What Pittsburgh Needs to Do to Grow Again
What do we need to do to turn things around? In November, over 50 experts and leaders in economic development from across the country met in Hershey, PA as part of the 106th American Assembly in order to create a blueprint for growth in older industrial regions like Pittsburgh. (The American Assembly was founded in 1950 by Dwight Eisenhower to serve as a national, non-partisan forum on important public affairs issues.)
The Assembly's report, Retooling for Growth: Building a 21st Century Economy in America’s Older Industrial Areas, has just been released. You can download it here.
The members of the Assembly agreed that if older industrial regions such as Pittsburgh want to be successful, they need to dramatically reinvent the way they approach economic development, both in terms of what their priorities should be, and how they should go about achieving those priorities.
First on the Assembly’s list of recommendations is placing a higher priority on promoting entrepreneurship. This is a particularly critical issue for the Pittsburgh Region, since data recently published by the Pittsburgh Regional Indicators Project (http://www.pittsburghtoday.org/) show that, in virtually every industry, we rank dead last among similar regions in the rate at which new startup companies are created.
Key steps to helping startup companies are increasing access to early-stage capital, also known as angel investment, and providing training to prospective entrepreneurs. But it’s more than just creating programs for entrepreneurs, it’s creating a culture of entrepreneurship in the region. The Assembly report urges that “the leadership of these metropolitan areas – public and private – needs to celebrate, reward, and incentivize entrepreneurial behavior as a key pathway to economic growth.” This is something that that is not done in the Pittsburgh Region, and that needs to change.
In contrast, the Assembly recommended making business attraction efforts much more selective and reducing the use of firm-specific subsidies. They noted that most job growth occurs through the retention and expansion of existing businesses and the creation of new ones, not by luring existing companies across jurisdictional lines. Yet business attraction is the primary focus for most of the region's economic development agencies.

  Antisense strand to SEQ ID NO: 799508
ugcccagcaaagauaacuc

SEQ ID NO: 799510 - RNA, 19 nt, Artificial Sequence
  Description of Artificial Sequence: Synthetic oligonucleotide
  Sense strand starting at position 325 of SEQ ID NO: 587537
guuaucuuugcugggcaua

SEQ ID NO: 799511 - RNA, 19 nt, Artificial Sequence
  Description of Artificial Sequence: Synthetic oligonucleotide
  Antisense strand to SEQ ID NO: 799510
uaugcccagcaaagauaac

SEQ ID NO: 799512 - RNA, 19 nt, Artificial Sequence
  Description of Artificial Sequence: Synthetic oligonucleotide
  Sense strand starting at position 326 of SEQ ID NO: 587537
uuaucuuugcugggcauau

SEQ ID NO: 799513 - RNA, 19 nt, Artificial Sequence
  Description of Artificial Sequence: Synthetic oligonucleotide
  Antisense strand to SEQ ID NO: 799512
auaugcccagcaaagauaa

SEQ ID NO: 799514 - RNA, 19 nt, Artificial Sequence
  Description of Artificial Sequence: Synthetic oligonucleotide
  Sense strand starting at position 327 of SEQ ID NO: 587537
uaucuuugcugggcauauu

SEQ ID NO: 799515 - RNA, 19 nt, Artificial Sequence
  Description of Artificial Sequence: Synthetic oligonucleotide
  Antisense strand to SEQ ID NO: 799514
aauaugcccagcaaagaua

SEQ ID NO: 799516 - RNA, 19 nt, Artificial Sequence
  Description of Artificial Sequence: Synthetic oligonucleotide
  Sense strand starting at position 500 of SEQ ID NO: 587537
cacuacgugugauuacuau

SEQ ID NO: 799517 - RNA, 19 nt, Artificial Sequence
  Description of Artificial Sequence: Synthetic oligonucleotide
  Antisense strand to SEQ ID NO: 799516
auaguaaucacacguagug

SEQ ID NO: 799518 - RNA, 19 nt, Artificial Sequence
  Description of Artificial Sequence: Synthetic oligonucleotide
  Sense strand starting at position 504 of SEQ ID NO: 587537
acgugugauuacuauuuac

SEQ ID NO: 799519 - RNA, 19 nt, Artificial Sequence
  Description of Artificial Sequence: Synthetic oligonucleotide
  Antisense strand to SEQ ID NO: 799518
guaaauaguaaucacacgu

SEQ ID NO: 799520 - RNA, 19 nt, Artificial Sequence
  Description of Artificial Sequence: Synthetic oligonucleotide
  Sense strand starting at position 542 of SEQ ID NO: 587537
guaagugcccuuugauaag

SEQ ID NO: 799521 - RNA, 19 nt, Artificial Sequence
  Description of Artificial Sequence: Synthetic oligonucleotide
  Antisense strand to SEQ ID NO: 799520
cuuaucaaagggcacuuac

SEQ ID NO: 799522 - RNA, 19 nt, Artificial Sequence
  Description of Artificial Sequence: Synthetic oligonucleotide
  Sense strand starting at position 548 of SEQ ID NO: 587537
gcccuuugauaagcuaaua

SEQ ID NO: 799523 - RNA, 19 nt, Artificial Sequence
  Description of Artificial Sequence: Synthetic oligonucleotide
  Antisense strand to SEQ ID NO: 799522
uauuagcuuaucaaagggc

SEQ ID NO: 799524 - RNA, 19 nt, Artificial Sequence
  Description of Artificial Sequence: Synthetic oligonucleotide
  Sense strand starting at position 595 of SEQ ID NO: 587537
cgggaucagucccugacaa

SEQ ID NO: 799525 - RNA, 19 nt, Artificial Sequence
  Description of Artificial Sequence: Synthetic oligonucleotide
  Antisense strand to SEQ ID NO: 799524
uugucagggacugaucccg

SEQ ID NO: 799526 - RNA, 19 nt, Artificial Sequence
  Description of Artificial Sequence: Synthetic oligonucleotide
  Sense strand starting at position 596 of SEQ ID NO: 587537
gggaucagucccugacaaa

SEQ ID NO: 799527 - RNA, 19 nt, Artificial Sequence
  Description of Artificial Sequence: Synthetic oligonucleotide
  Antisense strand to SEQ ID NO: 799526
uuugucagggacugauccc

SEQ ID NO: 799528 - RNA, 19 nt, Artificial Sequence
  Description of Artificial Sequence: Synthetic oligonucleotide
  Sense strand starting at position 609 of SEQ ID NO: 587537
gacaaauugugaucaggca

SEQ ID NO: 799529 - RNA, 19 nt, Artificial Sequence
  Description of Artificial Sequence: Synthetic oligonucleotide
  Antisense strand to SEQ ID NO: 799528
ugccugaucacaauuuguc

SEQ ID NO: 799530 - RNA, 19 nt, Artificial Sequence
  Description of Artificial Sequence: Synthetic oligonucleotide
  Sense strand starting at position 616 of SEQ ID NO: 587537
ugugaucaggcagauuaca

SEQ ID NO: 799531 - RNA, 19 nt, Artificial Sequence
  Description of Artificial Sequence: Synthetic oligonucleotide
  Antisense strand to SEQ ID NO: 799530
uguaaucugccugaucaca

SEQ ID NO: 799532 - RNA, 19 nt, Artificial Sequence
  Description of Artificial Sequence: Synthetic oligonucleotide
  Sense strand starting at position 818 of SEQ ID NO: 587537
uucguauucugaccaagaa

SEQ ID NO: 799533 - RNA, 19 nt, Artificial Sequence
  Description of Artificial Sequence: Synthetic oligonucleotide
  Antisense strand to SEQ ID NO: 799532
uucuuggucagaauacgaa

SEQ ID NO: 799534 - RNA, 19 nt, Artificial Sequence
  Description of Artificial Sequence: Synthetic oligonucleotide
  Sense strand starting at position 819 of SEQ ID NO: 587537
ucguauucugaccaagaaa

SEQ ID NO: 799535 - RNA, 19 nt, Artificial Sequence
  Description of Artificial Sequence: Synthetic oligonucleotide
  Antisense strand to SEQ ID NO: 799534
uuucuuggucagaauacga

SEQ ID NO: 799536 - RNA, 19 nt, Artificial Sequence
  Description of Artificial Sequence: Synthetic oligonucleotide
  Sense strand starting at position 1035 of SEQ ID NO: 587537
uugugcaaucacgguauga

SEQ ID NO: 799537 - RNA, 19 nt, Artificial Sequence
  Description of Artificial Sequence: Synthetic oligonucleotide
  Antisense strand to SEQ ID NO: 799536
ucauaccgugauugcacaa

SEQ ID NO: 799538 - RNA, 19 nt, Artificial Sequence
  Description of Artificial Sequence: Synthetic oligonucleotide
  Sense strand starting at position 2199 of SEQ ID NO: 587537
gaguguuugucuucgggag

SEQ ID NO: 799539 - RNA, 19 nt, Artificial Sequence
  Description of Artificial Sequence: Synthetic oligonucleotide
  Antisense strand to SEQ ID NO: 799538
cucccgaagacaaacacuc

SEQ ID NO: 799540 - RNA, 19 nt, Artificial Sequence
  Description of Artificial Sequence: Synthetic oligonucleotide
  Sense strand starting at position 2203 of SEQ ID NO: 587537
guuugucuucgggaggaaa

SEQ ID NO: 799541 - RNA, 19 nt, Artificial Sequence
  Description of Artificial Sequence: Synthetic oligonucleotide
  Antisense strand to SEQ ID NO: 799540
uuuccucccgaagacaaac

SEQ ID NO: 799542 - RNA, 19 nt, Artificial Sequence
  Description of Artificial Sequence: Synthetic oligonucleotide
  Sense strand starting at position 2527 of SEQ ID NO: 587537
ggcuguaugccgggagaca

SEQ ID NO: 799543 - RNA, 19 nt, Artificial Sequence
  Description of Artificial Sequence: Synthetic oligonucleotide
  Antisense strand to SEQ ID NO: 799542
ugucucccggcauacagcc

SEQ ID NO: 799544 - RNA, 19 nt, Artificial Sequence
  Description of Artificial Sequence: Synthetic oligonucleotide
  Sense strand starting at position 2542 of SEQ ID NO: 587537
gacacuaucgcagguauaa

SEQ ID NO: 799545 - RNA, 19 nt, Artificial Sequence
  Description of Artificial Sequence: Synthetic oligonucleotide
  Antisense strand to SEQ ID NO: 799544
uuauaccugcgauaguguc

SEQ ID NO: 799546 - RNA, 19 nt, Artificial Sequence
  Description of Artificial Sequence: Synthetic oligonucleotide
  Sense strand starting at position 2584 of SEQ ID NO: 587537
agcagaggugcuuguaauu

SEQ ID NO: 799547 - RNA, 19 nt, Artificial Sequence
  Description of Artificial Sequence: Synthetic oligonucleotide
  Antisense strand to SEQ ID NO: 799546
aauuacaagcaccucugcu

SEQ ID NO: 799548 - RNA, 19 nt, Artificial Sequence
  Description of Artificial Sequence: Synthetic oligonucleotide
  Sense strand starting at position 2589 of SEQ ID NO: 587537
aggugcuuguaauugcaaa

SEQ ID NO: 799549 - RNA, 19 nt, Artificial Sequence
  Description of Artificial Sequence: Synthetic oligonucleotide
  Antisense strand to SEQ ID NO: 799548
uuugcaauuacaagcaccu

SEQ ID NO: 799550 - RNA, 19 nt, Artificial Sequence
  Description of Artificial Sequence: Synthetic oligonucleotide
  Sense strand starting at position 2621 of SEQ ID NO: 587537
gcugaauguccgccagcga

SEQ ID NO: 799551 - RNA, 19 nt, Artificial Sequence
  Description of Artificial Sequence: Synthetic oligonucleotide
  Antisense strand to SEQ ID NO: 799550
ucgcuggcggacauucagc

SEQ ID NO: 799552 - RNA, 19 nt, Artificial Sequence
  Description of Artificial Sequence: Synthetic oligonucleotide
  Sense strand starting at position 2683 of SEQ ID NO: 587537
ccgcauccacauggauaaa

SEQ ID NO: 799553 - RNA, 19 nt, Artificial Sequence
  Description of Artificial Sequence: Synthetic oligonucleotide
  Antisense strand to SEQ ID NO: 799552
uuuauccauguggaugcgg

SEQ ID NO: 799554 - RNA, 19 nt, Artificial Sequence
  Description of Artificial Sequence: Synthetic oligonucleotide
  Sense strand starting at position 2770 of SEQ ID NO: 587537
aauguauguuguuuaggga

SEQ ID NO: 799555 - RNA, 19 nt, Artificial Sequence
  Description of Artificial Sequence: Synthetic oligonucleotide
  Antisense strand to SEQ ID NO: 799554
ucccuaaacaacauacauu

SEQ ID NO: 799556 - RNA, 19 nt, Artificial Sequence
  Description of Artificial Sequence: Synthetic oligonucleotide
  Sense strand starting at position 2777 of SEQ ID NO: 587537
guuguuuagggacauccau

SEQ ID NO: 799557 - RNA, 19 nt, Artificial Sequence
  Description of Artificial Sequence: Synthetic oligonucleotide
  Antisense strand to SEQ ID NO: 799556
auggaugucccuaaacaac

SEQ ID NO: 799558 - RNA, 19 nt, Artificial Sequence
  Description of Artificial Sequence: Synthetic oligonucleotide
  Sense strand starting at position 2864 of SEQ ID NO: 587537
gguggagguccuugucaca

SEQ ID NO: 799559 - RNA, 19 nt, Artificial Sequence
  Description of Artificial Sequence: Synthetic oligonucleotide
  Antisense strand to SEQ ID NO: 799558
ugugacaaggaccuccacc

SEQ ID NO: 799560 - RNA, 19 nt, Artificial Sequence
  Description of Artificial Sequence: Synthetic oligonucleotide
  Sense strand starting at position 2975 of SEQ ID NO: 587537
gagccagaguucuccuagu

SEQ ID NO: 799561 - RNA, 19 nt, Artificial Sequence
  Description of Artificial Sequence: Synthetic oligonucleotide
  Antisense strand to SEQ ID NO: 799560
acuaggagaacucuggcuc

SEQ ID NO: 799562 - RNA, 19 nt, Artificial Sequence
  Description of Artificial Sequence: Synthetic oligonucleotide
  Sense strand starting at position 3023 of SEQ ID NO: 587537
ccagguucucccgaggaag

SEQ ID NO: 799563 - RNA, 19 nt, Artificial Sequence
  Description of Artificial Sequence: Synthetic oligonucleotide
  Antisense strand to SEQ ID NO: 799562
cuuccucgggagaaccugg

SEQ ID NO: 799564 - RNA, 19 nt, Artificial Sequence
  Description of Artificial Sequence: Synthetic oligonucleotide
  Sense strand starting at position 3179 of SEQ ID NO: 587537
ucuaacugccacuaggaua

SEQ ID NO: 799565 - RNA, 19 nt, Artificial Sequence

The Assembly also called for regions to recognize that increasing the rate of job growth depends on the ability of their businesses to succeed. The Assembly’s report says “…metropolitan areas need to treat businesses as customers, continuously seek out and listen to those customers (both current and prospective), and use that feedback to set priorities for infrastructure investment, workforce development, and public services.”
In particular, they urged that local governments revamp outmoded rules, regulations, and processes to create an environment that is hospitable to the formation, attraction, and growth of businesses. They called for a reduction in the fragmentation of local government in order to improve regions’ ability to make coordinated investments in infrastructure (which is critical both for business growth and for the quality of life for residents), and for reforms in local tax systems in order to enable more effective support of regional services and to reduce intra-regional competition for growth. These recommendations should be a particularly high priority for the Pittsburgh Region, since we lead the nation in local government fragmentation.
Of course, businesses need capable workers to succeed, so the Assembly said that developing human capital must also be a high priority for regions such as ours. This includes radically improving the level of performance in public schools (in the Pittsburgh Region, one-third or more of the students who graduate high school aren’t proficient in reading or math), eliminating the fragmentation of workforce development programs, and better aligning training programs with business needs.
There are many other recommendations by the Assembly, which will be explored in future posts. On some, the Pittsburgh Region is already ahead of other regions. On others, particularly those above, it's way behind. Overall, the Assembly's recommendations can and should serve as a blueprint to help the Pittsburgh region get its economy growing again.